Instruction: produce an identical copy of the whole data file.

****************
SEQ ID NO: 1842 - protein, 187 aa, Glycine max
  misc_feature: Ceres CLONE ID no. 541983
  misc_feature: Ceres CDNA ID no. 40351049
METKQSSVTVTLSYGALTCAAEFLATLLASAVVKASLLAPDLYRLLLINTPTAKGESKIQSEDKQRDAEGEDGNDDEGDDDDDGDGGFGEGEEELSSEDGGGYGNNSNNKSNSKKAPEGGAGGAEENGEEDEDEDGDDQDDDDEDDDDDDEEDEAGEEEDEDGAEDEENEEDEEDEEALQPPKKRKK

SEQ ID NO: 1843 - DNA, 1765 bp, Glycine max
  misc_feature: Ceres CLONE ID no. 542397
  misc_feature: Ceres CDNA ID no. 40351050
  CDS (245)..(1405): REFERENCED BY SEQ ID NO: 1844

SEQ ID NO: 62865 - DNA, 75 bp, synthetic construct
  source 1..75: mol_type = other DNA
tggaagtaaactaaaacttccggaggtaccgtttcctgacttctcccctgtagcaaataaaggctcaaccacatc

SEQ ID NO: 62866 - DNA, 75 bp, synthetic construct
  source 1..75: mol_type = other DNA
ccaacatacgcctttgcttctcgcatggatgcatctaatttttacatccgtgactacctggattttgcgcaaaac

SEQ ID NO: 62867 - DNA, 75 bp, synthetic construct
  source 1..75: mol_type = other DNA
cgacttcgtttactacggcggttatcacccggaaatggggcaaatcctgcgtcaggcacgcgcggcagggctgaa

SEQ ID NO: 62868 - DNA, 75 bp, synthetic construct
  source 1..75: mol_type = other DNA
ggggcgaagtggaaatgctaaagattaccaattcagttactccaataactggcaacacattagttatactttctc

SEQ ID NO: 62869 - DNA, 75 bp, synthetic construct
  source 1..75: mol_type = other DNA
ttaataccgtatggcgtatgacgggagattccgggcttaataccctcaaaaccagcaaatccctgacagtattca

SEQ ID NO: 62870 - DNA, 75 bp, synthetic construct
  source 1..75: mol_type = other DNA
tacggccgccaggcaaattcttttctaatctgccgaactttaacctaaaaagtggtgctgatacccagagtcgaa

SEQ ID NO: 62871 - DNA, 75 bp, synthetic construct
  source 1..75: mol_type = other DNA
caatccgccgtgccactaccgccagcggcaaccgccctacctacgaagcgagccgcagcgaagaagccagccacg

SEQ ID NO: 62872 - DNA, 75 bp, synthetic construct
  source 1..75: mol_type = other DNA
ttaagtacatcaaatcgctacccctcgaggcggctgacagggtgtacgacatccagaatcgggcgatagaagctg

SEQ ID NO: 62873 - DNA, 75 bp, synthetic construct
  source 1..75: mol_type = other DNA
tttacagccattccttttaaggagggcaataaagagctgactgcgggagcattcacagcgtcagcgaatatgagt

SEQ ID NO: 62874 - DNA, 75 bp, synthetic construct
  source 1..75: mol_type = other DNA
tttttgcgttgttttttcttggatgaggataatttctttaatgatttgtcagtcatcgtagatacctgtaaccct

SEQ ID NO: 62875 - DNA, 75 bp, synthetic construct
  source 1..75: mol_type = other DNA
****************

SEQ ID NO: 1842 - protein, 187 aa, Glycine max
  misc_feature: Ceres CLONE ID no. 541983
  misc_feature: Ceres CDNA ID no. 40351049
METKQSSVTVTLSYGALTCAAEFLATLLASAVVKASLLAPDLYRLLLINTPTAKGESKIQSEDKQRDAEGEDGNDDEGDDDDDGDGGFGEGEEELSSEDGGGYGNNSNNKSNSKKAPEGGAGGAEENGEEDEDEDGDDQDDDDEDDDDDDEEDEAGEEEDEDGAEDEENEEDEEDEEALQPPKKRKK

SEQ ID NO: 1843 - DNA, 1765 bp, Glycine max
  misc_feature: Ceres CLONE ID no. 542397
  misc_feature: Ceres CDNA ID no. 40351050
  CDS (245)..(1405): REFERENCED BY SEQ ID NO: 1844

SEQ ID NO: 62865 - DNA, 75 bp, synthetic construct
  source 1..75: mol_type = other DNA
tggaagtaaactaaaacttccggaggtaccgtttcctgacttctcccctgtagcaaataaaggctcaaccacatc

SEQ ID NO: 62866 - DNA, 75 bp, synthetic construct
  source 1..75: mol_type = other DNA
ccaacatacgcctttgcttctcgcatggatgcatctaatttttacatccgtgactacctggattttgcgcaaaac

SEQ ID NO: 62867 - DNA, 75 bp, synthetic construct
  source 1..75: mol_type = other DNA
cgacttcgtttactacggcggttatcacccggaaatggggcaaatcctgcgtcaggcacgcgcggcagggctgaa

SEQ ID NO: 62868 - DNA, 75 bp, synthetic construct
  source 1..75: mol_type = other DNA
ggggcgaagtggaaatgctaaagattaccaattcagttactccaataactggcaacacattagttatactttctc

SEQ ID NO: 62869 - DNA, 75 bp, synthetic construct
  source 1..75: mol_type = other DNA
ttaataccgtatggcgtatgacgggagattccgggcttaataccctcaaaaccagcaaatccctgacagtattca

SEQ ID NO: 62870 - DNA, 75 bp, synthetic construct
  source 1..75: mol_type = other DNA
tacggccgccaggcaaattcttttctaatctgccgaactttaacctaaaaagtggtgctgatacccagagtcgaa

SEQ ID NO: 62871 - DNA, 75 bp, synthetic construct
  source 1..75: mol_type = other DNA
caatccgccgtgccactaccgccagcggcaaccgccctacctacgaagcgagccgcagcgaagaagccagccacg

SEQ ID NO: 62872 - DNA, 75 bp, synthetic construct
  source 1..75: mol_type = other DNA
ttaagtacatcaaatcgctacccctcgaggcggctgacagggtgtacgacatccagaatcgggcgatagaagctg

SEQ ID NO: 62873 - DNA, 75 bp, synthetic construct
  source 1..75: mol_type = other DNA
tttacagccattccttttaaggagggcaataaagagctgactgcgggagcattcacagcgtcagcgaatatgagt

SEQ ID NO: 62874 - DNA, 75 bp, synthetic construct
  source 1..75: mol_type = other DNA
tttttgcgttgttttttcttggatgaggataatttctttaatgatttgtcagtcatcgtagatacctgtaaccct

SEQ ID NO: 62875 - DNA, 75 bp, synthetic construct
  source 1..75: mol_type = other DNA